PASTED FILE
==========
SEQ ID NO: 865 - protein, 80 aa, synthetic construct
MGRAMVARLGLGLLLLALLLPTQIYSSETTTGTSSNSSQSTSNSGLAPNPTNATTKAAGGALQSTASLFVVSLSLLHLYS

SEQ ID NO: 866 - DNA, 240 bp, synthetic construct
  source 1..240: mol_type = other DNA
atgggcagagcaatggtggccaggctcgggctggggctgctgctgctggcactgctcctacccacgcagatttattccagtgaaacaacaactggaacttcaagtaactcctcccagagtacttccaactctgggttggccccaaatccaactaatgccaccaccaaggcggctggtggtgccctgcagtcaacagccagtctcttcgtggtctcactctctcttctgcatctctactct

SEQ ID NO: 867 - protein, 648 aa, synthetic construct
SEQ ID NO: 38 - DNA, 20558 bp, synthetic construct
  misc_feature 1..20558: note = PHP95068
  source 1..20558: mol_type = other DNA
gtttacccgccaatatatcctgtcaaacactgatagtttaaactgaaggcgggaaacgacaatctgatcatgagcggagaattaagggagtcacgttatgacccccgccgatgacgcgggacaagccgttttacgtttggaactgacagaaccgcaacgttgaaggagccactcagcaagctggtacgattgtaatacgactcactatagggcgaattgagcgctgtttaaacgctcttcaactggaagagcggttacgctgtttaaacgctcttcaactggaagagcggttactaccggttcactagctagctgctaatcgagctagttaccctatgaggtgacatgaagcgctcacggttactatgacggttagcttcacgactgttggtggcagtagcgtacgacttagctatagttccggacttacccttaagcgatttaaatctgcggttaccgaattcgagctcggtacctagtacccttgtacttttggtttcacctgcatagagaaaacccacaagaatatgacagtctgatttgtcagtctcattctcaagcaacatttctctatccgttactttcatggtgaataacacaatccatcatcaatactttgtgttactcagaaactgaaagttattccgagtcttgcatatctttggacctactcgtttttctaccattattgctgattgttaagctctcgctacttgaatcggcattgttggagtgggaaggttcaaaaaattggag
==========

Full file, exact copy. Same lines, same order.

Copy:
SEQ ID NO: 865 - protein, 80 aa, synthetic construct
MGRAMVARLGLGLLLLALLLPTQIYSSETTTGTSSNSSQSTSNSGLAPNPTNATTKAAGGALQSTASLFVVSLSLLHLYS

SEQ ID NO: 866 - DNA, 240 bp, synthetic construct
  source 1..240: mol_type = other DNA
atgggcagagcaatggtggccaggctcgggctggggctgctgctgctggcactgctcctacccacgcagatttattccagtgaaacaacaactggaacttcaagtaactcctcccagagtacttccaactctgggttggccccaaatccaactaatgccaccaccaaggcggctggtggtgccctgcagtcaacagccagtctcttcgtggtctcactctctcttctgcatctctactct

SEQ ID NO: 867 - protein, 648 aa, synthetic construct
SEQ ID NO: 38 - DNA, 20558 bp, synthetic construct
  misc_feature 1..20558: note = PHP95068
  source 1..20558: mol_type = other DNA
gtttacccgccaatatatcctgtcaaacactgatagtttaaactgaaggcgggaaacgacaatctgatcatgagcggagaattaagggagtcacgttatgacccccgccgatgacgcgggacaagccgttttacgtttggaactgacagaaccgcaacgttgaaggagccactcagcaagctggtacgattgtaatacgactcactatagggcgaattgagcgctgtttaaacgctcttcaactggaagagcggttacgctgtttaaacgctcttcaactggaagagcggttactaccggttcactagctagctgctaatcgagctagttaccctatgaggtgacatgaagcgctcacggttactatgacggttagcttcacgactgttggtggcagtagcgtacgacttagctatagttccggacttacccttaagcgatttaaatctgcggttaccgaattcgagctcggtacctagtacccttgtacttttggtttcacctgcatagagaaaacccacaagaatatgacagtctgatttgtcagtctcattctcaagcaacatttctctatccgttactttcatggtgaataacacaatccatcatcaatactttgtgttactcagaaactgaaagttattccgagtcttgcatatctttggacctactcgtttttctaccattattgctgattgttaagctctcgctacttgaatcggcattgttggagtgggaaggttcaaaaaattggag